Top tips from On Purpose to develop a career in a social enterprise

Would you like a career with a purpose – a career that makes a positive difference to the world?

Making the move to work within a social enterprise, a company that is using business to create a social or environmental benefit, is now easier than ever – and, according to Tom Rippin, founder of On Purpose, it’s never too late in your career to make the change.

On Purpose matches organisations that are using business for good with talented professionals who want something more fulfilling and meaningful from their career.

Tom has helped hundreds of professionals find a more fulfilling career; here are Tom’s 11 tips for professionals wanting to develop their careers within a social enterprise:

  1. Invest the time to think about how and why you want to make this change. If you’re feeling frustrated in your current role, it’s often worth stopping to identify exactly what is lacking.
  1. Talk to friends and colleagues. By letting people know that you want to change they will be able to help. And the more specific you can be about what you are looking for the more easily they’ll be able to help you.
  1. Beware passion paralysis. You often hear “follow your passion”, but many people don’t know what their “passion” is, and spend (waste…) a huge amount of time trying to figure it out. Get things moving by collecting some experiences about what you do and don’t enjoy – e.g. through events, volunteering, or taking a sabbatical to explore an area of interest in more detail.
  1. Think beyond the cause. It’s tempting to focus on the cause you’re interested in but ignore all the other aspects of a role or organisation that shape the experience. For example, the size or stage of the organisation, whether they work directly with the people that they are set up to benefit, the business model, and the team and culture.
  1. Find your tribe. It can be incredibly helpful to find other people who are going through the same process to support you as you make your own transition. By exploring other networks you can often find people who share your interests or values or are just going through a similar journey to you, and can signpost you to other things you might be interested in.
  1. Focus on your intrinsics.  Social enterprise is an emerging space, and often there will be few people who have the exact skills and experience profiles needed for a role. Focus on communicating examples of your intrinsic skills (e.g. relationship building, problem solving), as well as transferable aspects of your technical skills. For example you may have done a lot of financial analysis, which could be applied to better understanding social impact data.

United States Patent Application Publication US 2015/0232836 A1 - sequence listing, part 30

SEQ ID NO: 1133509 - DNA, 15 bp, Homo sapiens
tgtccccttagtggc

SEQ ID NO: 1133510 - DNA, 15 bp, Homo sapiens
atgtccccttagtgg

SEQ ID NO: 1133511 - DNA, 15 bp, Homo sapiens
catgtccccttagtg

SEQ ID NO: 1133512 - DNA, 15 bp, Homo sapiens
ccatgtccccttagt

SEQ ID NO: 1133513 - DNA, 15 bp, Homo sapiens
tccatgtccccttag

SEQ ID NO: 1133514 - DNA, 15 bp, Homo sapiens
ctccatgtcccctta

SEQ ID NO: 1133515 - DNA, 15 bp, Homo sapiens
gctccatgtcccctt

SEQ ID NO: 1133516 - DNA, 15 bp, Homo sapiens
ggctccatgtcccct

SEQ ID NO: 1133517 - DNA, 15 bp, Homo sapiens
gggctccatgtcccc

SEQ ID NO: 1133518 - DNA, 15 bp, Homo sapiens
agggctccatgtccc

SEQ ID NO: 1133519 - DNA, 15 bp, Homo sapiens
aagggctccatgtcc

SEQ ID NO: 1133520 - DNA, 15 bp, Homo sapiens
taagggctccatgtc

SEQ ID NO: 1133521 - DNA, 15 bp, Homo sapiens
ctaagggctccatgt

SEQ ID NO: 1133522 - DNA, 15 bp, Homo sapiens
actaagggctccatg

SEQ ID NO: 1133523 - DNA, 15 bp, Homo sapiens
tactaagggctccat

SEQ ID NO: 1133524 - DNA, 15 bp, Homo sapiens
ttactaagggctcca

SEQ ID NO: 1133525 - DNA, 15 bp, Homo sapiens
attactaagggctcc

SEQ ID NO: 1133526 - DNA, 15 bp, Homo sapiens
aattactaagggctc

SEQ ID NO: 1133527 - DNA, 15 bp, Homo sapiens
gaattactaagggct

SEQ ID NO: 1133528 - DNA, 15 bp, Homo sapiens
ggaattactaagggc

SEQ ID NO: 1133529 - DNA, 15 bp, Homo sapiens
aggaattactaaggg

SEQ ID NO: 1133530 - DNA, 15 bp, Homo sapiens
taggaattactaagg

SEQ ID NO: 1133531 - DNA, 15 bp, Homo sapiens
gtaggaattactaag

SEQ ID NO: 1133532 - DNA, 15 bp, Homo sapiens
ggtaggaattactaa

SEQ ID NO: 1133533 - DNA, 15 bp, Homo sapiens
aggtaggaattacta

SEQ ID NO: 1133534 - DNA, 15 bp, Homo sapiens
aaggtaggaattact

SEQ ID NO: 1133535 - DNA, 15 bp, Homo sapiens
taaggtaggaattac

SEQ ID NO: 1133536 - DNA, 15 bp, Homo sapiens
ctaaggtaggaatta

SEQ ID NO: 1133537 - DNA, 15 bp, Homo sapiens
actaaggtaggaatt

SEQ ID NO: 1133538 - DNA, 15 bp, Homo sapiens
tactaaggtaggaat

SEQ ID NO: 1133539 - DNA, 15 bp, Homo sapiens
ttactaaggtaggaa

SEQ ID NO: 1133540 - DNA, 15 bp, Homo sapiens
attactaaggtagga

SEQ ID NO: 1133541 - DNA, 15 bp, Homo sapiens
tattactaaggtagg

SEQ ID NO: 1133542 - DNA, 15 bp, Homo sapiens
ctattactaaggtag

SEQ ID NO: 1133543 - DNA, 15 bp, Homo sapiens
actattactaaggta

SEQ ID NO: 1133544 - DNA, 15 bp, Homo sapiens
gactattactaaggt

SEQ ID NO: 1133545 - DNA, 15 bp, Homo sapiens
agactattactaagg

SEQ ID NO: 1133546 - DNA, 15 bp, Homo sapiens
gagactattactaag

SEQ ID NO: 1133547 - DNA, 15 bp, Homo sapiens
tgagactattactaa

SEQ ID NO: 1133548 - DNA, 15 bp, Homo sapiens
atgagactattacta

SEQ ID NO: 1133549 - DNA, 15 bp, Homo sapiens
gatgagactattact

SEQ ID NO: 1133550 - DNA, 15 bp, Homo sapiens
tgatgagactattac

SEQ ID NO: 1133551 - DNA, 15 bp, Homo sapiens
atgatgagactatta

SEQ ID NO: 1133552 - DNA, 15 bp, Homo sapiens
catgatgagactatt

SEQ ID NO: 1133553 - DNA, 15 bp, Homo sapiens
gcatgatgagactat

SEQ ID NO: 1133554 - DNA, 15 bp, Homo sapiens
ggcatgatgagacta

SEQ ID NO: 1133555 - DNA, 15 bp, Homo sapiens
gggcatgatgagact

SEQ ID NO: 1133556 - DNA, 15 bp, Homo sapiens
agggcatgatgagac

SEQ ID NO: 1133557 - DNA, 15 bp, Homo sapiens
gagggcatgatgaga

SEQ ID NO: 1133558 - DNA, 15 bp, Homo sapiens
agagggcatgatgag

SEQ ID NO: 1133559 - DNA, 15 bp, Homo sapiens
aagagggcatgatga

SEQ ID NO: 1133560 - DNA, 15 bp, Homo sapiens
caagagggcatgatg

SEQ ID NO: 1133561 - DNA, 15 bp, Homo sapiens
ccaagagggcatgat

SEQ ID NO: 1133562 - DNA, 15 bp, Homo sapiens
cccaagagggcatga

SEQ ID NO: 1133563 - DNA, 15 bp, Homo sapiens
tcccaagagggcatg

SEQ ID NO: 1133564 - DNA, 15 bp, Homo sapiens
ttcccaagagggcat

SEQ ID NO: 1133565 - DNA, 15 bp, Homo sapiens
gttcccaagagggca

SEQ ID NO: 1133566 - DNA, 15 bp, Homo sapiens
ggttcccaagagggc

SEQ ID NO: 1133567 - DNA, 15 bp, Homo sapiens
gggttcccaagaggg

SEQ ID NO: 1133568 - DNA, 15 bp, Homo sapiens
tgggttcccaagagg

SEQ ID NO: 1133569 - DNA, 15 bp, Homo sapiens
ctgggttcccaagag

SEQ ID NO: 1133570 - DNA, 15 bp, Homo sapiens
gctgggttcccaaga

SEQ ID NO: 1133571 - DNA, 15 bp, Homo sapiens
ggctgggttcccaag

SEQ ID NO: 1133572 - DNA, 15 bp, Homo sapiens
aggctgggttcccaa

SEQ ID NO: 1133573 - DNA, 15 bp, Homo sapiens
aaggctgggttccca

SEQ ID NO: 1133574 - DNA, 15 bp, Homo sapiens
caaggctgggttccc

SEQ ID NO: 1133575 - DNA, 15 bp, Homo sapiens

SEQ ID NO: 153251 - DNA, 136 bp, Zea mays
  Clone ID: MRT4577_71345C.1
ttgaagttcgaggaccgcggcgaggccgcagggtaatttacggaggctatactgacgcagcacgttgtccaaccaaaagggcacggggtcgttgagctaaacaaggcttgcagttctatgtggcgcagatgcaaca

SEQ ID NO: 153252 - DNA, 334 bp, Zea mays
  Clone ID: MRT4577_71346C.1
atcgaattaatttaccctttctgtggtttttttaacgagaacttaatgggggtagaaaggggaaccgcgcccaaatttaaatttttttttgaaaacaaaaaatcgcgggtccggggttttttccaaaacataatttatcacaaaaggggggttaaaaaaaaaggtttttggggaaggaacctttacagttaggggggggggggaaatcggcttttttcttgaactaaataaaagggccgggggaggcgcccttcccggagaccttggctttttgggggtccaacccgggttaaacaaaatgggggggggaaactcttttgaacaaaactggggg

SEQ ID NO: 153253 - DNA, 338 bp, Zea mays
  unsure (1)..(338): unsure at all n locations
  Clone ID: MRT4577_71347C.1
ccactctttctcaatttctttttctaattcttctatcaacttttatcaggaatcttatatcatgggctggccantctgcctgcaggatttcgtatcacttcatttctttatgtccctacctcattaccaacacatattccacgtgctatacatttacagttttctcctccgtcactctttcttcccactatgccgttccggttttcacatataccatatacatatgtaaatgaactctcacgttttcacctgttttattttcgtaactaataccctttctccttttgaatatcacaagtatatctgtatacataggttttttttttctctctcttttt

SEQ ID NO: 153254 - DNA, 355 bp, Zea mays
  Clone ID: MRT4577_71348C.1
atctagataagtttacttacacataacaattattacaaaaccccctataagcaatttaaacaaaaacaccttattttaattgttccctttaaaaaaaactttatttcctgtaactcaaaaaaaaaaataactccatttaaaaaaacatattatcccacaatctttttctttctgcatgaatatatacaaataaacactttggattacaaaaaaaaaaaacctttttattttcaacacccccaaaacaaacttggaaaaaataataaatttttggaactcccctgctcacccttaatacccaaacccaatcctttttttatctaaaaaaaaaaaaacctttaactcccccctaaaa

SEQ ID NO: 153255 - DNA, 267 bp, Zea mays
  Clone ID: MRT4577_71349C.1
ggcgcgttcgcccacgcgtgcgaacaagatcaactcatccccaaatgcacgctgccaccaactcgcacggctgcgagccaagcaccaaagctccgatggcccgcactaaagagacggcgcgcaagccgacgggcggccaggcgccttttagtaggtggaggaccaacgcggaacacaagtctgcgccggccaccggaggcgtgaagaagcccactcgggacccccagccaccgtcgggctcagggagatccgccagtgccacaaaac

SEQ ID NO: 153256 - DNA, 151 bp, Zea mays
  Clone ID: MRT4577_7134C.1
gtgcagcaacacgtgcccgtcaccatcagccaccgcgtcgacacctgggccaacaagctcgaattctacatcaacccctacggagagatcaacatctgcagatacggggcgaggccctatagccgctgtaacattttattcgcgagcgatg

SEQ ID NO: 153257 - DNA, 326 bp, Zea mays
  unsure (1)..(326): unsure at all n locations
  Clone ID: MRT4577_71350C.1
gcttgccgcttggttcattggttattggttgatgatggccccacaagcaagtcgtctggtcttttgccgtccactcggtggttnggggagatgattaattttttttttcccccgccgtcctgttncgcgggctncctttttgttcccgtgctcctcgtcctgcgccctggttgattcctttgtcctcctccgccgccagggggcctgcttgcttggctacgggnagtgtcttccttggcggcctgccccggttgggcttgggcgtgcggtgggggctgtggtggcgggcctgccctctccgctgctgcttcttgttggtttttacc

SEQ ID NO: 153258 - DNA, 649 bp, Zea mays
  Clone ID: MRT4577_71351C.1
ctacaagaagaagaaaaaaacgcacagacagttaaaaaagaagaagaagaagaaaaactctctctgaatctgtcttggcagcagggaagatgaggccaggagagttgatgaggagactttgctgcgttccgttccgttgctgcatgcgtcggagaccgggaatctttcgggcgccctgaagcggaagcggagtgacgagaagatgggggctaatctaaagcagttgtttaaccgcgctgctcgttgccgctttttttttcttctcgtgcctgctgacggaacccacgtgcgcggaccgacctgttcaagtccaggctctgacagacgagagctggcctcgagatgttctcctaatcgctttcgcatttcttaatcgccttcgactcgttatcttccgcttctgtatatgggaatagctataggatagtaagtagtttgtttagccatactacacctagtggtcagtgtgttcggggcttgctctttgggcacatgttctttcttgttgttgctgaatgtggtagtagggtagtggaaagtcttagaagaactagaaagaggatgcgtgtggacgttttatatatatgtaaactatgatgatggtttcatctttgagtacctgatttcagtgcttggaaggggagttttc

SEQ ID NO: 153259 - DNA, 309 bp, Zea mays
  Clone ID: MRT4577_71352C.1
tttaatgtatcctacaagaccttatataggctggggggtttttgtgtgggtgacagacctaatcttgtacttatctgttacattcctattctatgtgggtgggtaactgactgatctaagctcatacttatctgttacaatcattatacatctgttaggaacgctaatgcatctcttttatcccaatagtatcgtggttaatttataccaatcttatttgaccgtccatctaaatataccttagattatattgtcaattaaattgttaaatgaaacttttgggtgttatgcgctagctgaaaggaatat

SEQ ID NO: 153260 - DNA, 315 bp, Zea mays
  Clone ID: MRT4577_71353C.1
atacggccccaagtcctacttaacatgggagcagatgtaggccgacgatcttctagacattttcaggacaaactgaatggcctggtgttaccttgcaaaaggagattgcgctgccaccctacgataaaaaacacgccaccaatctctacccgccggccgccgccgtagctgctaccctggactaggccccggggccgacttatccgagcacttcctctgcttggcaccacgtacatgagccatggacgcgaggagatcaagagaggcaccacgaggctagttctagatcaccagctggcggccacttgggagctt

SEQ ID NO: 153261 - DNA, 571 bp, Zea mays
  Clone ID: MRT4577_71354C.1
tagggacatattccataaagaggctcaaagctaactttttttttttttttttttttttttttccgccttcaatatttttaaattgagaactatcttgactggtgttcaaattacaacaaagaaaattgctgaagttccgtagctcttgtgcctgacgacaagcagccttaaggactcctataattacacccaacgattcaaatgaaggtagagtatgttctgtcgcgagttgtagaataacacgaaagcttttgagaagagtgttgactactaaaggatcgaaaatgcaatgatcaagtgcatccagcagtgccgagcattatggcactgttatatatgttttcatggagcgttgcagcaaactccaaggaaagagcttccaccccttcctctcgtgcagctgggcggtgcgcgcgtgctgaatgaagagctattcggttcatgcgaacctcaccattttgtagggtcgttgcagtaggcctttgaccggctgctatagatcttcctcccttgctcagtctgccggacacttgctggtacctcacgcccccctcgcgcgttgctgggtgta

1. Be real. When applying for roles make sure you understand the context of the organisation you are applying to and tailor your application for each role. For example, using language appropriate to the sector. Write clearly and in simple, jargon free language about who you are and why you are interested in the role and the organisation.
  1. Never talk about “giving back”. People who have spent their whole careers in this world will automatically think you shouldn’t have “taken away” in the first place.
  1. Don’t find yourself, build yourself. You might not find the one role that meets all the criteria of your dream job immediately. It can be helpful to break a transition into phases, for example initially switching sectors before switching functional role.
  1. Baptism of fire. When you have changed roles, make sure you ask all the stupid questions early on while people will be forgiving!  It’s also worth attending as many events, lunches and coffees in the first month as possible to fully submerge yourself in your new role.
  1. It’s a spiral. Arguably you’re never done with this process. Take time to evaluate your career at regular points (it can help to have a coach to do this with) and proactively plan ways to ensure that you continue to develop yourself professionally.

The On Purpose Associate Programme is full time, based in London and starts on September 30th 2015. Associates work in their placements 4.5 days a week and spend Friday afternoon at training.  Associates are paid £21,000 for the year, which is a stipend for a year of training and development.